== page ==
And with that, on to a new series.

Join the discussion 12 Comments

  • Al Gardiner says:

    Adieu old series… looking forward the the new one. Thanks again for all the hard work, Kevin.

  • Joseph Lampe says:

    Your readers may want to get the book:
    THE PRICE OF PANIC, HOW THE TYRANNY OF EXPERTS TURNED A PANDEMIC INTO A CATASTROPHE
    by Douglas Axe, William Briggs and Jay Richards.

  • Chris W says:

    Nice end to that series, Kevin. Continued thanks to you and keep up the excellent work! It is a real encouragement.

  • Cliff Hadley says:

    Congratulations on your 100th edition of “Head Full…” ! Who would have thought this mess would have gone this long? Your writing on the myriad research about, and dismal politics in response to, the virus has been a lifesaver for the many people who, like you, have been skeptical all along. One good thing is that no virus has been more intensely studied, and maybe that will pay off down the road on the medical side. But my greater concern is on the political and social side. Once we trade liberty for the illusion of safety, it will be hard to go back. And that’s truly sickening.

  • Sue mor says:

    Thank you

    You show the craziness of masks and lockdowns.

    Since the beginning I have said there is no proof either masks or lock downs help.

    Do you have a summary of your 100 posts and main evidence and conclusions?

    It would be great to have to share.
    Maybe an ebook?

  • Kevin Roche says:

    every now and then I do a big picture summary of what I think we have learned. The other thing is my presentation I speak from is online at youtube and probably summarizes it pretty well. i have thought about an ebook as well Thank you for reading

  • AesopFan says:

    Thanks so much for your series, but you should tell us what you really think about our elites and road being paved by their “good intentions” – 😉

  • Marcia Sielaff says:

    Time for Democrats to base policy on real science!

  • Alex says:

    May they – and public officials who fuelled the hysteria – indeed rot in hell.

    There’s a physician in York (Toronto) upon hearing about the ‘vARiAnt’ took to Twitter to summon the army of pant shitters to ‘step up their mask game’. And the comments were deliciously troubling. But among the madness stood one lonely, sober voice who said, “You people are all f*****g insane”.

  • Alexander says:

    “Let’s see, could you be any stupider or dense. They are acknowledging evidence that masks didn’t make a difference in transmission, but lead in by saying it is well-established that they do work. “

    Um, no, that’s a misrepresentation of the Lancet article and of the science here. Skeptical readers should read the cited articles themselves and not take this blogger’s word for it.

    Similarly:

    “One strategy for reducing transmission is reduce contacts by limiting people’s mobility; telling people to stay home, work from home and not travel. This paper examined whether varying restrictions on mobility during the first wave of the epidemic actually made much difference in case levels. (Medrxiv Paper) Countries compared were Sweden, France, Columbia and the West Coast of the US, which actually should be considered part of another universe. Sweden had a 10% mobility reduction, the West Coast 55%, and France and Columbia, 83%. There was almost no effect on virus transmission of different levels of mobility restriction. The authors attribute this in part to the virus already being widespread by the time the restrictions went into effect, but I don’t think that made any difference since we see the same phenomenon in the second wave.”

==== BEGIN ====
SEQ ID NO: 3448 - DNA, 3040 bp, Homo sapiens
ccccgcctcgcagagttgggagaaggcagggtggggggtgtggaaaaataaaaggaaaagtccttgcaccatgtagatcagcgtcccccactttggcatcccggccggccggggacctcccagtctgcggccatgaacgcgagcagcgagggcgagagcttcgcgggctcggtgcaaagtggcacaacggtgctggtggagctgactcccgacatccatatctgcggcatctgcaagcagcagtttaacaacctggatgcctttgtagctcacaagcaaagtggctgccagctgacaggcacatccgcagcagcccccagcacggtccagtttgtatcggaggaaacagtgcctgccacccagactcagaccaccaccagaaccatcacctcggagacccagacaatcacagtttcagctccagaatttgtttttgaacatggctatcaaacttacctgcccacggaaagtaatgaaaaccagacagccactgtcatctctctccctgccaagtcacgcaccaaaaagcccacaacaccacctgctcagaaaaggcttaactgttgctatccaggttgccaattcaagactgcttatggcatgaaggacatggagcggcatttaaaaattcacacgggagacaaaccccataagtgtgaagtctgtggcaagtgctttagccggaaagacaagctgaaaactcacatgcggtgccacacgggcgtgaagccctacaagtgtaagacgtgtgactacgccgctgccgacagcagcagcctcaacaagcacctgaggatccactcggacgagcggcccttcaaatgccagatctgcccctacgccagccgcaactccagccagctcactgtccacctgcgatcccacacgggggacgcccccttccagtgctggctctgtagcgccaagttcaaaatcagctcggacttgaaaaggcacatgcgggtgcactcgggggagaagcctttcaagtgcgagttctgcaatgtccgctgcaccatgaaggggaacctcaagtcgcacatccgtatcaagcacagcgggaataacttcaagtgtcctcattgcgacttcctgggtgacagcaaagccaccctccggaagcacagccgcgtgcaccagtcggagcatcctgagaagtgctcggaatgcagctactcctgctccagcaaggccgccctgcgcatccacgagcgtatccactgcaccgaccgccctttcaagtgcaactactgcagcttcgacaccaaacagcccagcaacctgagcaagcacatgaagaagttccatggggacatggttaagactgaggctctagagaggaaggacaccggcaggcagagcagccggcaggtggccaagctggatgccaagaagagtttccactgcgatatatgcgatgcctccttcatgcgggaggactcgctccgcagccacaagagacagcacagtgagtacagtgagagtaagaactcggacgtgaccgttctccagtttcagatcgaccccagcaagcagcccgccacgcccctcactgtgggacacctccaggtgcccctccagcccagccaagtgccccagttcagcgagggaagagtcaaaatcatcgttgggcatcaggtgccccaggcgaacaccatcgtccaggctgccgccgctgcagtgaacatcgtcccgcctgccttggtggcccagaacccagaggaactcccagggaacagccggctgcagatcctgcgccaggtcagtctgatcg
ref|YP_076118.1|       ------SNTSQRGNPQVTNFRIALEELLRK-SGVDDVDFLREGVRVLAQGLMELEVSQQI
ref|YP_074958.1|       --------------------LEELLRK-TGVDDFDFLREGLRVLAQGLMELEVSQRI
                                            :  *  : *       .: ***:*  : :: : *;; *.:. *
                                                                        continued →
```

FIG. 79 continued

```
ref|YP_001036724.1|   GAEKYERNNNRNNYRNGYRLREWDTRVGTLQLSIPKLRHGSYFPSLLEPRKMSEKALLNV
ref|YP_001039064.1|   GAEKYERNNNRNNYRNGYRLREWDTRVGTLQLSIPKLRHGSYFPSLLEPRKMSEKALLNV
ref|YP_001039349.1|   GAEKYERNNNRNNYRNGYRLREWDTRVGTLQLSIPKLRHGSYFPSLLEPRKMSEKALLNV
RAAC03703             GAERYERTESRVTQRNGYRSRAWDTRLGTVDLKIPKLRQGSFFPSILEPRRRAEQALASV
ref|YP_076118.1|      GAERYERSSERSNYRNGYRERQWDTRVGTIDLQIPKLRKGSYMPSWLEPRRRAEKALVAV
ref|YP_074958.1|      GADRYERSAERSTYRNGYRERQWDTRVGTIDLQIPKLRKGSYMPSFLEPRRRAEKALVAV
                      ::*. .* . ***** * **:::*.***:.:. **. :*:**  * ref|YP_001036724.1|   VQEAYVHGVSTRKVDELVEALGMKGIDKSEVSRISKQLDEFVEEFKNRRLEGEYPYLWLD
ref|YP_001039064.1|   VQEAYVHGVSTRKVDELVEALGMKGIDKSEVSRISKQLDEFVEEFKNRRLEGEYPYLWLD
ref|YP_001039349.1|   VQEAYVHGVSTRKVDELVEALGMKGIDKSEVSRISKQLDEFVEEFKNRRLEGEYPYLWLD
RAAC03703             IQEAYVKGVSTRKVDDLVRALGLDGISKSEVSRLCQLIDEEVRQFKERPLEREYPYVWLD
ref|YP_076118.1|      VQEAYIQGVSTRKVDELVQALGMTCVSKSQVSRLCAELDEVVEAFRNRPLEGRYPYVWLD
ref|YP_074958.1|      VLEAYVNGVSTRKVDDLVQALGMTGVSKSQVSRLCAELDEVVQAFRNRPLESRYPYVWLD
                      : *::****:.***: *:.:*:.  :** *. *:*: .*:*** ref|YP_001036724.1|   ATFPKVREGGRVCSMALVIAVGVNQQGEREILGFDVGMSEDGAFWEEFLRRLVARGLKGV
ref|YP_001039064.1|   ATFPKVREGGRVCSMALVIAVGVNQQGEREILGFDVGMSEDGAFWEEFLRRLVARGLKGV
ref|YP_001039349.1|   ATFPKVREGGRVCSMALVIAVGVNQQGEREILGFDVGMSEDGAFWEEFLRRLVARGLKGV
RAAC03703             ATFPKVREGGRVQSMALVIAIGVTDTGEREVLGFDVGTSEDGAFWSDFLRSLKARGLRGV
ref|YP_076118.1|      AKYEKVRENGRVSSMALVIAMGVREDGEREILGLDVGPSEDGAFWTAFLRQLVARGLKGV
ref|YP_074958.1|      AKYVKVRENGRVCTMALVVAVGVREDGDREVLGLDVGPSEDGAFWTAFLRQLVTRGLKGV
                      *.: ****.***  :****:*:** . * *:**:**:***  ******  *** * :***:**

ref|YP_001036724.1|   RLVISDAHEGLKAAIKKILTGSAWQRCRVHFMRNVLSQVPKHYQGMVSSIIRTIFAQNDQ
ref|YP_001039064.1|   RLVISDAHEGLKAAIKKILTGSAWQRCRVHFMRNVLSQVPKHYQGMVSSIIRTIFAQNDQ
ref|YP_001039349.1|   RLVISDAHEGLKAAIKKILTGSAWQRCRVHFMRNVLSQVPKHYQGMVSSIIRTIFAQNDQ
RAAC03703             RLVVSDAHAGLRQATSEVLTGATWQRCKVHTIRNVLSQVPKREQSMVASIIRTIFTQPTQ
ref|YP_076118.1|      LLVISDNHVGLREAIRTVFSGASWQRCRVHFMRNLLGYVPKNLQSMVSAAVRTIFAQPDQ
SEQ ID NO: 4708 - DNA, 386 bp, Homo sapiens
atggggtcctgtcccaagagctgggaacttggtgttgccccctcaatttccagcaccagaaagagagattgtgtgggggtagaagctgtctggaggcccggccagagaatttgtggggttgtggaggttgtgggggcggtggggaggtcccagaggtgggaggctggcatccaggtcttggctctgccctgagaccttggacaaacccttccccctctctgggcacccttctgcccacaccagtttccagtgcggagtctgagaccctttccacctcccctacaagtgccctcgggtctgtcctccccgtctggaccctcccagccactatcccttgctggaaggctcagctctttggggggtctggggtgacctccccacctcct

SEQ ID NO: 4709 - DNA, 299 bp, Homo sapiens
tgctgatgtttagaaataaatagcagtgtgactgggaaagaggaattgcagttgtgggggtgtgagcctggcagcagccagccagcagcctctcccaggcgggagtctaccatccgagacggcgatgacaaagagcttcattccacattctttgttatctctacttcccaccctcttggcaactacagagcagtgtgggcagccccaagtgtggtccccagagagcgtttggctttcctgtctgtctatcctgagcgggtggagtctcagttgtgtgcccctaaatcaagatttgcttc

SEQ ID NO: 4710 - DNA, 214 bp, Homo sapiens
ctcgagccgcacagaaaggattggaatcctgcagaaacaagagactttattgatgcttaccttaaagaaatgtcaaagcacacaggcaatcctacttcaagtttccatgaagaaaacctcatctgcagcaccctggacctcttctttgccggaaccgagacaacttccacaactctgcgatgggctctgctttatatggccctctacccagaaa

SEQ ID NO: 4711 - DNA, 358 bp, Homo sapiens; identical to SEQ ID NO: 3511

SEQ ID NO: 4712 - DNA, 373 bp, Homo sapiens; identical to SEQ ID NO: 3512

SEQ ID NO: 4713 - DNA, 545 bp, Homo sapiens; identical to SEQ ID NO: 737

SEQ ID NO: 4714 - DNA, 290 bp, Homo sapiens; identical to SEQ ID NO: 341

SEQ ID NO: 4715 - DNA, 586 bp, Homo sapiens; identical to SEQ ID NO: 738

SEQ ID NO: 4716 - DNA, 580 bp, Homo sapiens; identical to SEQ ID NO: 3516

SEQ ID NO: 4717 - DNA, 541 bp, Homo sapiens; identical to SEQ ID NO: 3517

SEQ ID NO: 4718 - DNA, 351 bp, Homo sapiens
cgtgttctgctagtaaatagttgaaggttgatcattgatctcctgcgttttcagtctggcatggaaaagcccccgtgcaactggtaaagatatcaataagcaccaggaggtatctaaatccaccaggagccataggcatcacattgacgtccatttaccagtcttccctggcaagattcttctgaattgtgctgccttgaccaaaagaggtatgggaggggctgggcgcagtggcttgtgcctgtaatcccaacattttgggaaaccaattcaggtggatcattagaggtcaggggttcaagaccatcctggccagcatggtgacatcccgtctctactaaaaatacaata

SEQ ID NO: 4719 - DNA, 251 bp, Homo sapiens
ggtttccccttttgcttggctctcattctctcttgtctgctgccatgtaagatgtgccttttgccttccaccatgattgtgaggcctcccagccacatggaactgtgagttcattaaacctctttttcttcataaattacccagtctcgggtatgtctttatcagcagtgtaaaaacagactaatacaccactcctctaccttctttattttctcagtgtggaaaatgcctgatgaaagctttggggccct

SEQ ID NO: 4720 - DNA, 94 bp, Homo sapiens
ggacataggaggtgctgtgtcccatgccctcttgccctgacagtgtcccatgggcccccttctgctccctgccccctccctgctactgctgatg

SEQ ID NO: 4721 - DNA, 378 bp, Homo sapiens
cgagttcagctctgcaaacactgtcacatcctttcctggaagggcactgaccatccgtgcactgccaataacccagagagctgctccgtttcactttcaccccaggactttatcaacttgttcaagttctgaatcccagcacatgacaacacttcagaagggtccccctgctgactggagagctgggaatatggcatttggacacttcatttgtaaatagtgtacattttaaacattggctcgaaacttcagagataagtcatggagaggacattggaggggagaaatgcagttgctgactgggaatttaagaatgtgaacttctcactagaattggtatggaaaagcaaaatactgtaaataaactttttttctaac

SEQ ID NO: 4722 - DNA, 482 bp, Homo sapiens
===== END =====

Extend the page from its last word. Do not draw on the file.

Again, this blogger misrepresents the article. The point of the article is to argue that the way in which lockdowns are implemented could be done more scientifically. I write this with some chagrin, because I personally believe that while lockdowns do indeed help slow transmission (how could they not?), they do more harm than good. I think we should not have lockdowns, that schools should be open, with caution, and that people should do whatever they can to avoid causing a vulnerable person to catch the virus, including wearing masks in certain crowded situations – and not do so because it’s uncomfortable is selfish. That’s my personal view. But this blogger is misrepresenting the science. .Caveat emptor.

  • Kevin Roche says:

    Okay, it would be better if you would be more specific than just saying something is being misrepresented. Where in the Lancet article does it say something different than what I said. The very first paragraph specifically says that it is established that masks work. the body of the article then goes on to accurately describe the Spanish study as finding that mask wearing was not associated with less transmission; i.e. masks didn’t work if their function is to reduce transmission. I don’t think it could be clearer that the authors were just trying to whitewash the clear finding of the study. Nothing works like confirmation bias. I know masks work, so any study that says they don’t must be wrong. While the Lancet article isn’t quite that clear, that is definitely one reason it was even written. Go read the actual study they were commenting on and tell me how you would come to any conclusion other than that mask wearing was not a factor in reducing transmission. And the authors acknowledged that, just tried to wish it away.

    And again, what specifically are you possibly referring to in the Medrxiv paper, which also very clearly says, there were these different levels of mobility reductions in different places but they were not associated with different case levels. How did I misrepresent that? You may not like my summary of what the article says, you may not like what the article says, but it is in fact pretty clear that I summarized exactly what the articles say.